Saturday, February 16, 2013

Review: (Ottawa) Pride and Prejudice

(From company website)
Deja Vu
by Jim Murchison 

First of all I must apologize to Ottawa Little Theatre for not submitting this review earlier. I dare say that my Pride got the better of me, and my prejudice to accept that I had erred allowed me to wallow for a period of some days. In the same way that there have been two productions of this Jane Austen tale this season, I have written two reviews of OLT's Pride and Prejudice. The first has been swallowed into a virtual wasteland, likely because in my fatigue I neglected to save it properly.

It is fortunate that OLT is proud enough not to be intimidated by the NAC season and suffers no prejudice in underestimating their own abilities. This production is based on Helen Jerome's Broadway production of the thirties which also inspired the first film version with Laurence Olivier and Greer Garson but the sensibility is pure nineteenth Century.

Director Geoff Gruson applies a deft touch, suitable to the period right down to the set changes performed by servants who dutifully curtsy or bow to the audience in obedience at the completion of their task. The cast show their love and disdain for each other with the utmost decorum. The pious Mr Collins is played by Ian Stauffer with a pompous arrogance that makes his unwarranted confidence very funny. Kurt Shantz as Mr Bingley is the most straightforward and charming member of the aristocracy. Niamh O'Keelly is similarly charming as Jane Bennett and her unfeigned sweetness makes her a natural match for Bingley. Laura Hall on the other hand doesn't care much for anyone as Caroline Bingley, but she has a most refined way of letting you know it.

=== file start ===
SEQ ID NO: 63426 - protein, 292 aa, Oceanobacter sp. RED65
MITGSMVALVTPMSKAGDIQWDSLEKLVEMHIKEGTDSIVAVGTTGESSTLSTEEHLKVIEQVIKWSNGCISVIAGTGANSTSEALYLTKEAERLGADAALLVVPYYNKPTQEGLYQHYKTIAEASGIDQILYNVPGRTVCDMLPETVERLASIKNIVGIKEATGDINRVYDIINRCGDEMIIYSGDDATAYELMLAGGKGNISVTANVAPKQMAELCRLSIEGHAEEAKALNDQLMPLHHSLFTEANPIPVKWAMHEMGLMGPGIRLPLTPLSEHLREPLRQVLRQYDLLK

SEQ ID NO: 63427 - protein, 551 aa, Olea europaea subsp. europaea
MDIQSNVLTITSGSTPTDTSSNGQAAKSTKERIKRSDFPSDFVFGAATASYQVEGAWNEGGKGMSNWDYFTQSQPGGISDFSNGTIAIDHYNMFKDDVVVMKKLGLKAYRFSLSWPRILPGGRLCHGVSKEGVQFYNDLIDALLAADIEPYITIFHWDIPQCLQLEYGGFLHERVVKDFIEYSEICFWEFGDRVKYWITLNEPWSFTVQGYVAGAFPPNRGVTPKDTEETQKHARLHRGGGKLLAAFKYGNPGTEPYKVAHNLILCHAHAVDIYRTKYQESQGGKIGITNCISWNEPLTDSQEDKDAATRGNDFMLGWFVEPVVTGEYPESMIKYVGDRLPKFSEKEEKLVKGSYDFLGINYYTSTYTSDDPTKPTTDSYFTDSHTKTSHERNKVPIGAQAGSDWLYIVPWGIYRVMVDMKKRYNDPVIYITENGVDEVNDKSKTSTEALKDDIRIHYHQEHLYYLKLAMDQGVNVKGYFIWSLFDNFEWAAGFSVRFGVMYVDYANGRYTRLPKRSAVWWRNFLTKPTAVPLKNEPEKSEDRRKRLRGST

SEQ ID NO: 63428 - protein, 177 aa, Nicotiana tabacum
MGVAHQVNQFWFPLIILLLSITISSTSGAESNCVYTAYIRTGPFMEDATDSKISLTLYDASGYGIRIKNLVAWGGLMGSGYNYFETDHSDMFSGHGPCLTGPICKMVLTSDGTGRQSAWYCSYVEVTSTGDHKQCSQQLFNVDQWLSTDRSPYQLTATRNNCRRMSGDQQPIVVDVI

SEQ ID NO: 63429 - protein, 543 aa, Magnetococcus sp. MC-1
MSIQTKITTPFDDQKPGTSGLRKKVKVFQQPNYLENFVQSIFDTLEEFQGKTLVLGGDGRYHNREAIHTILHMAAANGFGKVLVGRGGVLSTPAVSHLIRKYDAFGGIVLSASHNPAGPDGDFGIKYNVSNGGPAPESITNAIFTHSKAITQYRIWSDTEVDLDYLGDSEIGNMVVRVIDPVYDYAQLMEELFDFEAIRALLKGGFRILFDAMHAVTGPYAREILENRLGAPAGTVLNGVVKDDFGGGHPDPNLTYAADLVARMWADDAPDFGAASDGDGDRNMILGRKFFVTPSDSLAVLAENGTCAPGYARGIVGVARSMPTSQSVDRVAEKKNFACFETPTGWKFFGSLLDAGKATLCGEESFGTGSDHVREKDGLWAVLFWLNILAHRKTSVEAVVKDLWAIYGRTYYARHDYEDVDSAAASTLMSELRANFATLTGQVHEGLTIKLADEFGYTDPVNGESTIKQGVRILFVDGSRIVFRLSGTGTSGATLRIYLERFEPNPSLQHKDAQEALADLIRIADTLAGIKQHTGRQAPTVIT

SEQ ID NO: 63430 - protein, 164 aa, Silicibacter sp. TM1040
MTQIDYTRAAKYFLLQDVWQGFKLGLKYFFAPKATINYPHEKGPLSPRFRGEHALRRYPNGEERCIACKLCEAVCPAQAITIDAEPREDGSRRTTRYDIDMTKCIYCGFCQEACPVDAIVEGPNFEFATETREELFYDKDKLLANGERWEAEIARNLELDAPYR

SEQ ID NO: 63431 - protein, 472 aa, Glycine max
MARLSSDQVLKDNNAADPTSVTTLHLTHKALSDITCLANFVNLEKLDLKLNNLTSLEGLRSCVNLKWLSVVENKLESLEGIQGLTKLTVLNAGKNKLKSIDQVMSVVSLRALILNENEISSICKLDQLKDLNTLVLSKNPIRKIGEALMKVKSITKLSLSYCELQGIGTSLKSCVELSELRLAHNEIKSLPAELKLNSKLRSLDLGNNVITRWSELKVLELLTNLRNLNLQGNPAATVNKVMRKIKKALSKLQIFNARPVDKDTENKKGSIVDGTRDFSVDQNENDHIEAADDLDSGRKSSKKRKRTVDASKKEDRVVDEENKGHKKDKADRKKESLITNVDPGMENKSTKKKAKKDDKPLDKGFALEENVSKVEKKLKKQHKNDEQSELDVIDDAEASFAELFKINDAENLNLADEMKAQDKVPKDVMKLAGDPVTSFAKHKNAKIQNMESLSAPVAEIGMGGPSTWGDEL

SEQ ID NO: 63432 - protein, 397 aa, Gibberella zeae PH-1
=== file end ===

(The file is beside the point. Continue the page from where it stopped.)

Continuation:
The cornerstones of the story are the Bennetts' however. George Stonyk as Mr Bennett is decidedly practical and a most witty observer of the pretentious posturing. Mrs Bennett played by Janet Uren on the other hand finds every man dreadful or wonderful in direct proportion to how close they are to proposing to one of her daughters.

Elizabeth Bennett played with a clever spark by Sara Duplancic has  an undeniable charm despite the "liability" of her intelligence. Perhaps the best performance of the night belonged to Josh Sparks as Mr Darcy who transforms from laconic snob to principled white knight fuelled by true love in a matter of two hours. Without these last two well-done performances there would be no Pride and Prejudice.

runtime: approximately 2 hours and 15 minutes with one intermission
Pride and Prejudice runs until March 2nd

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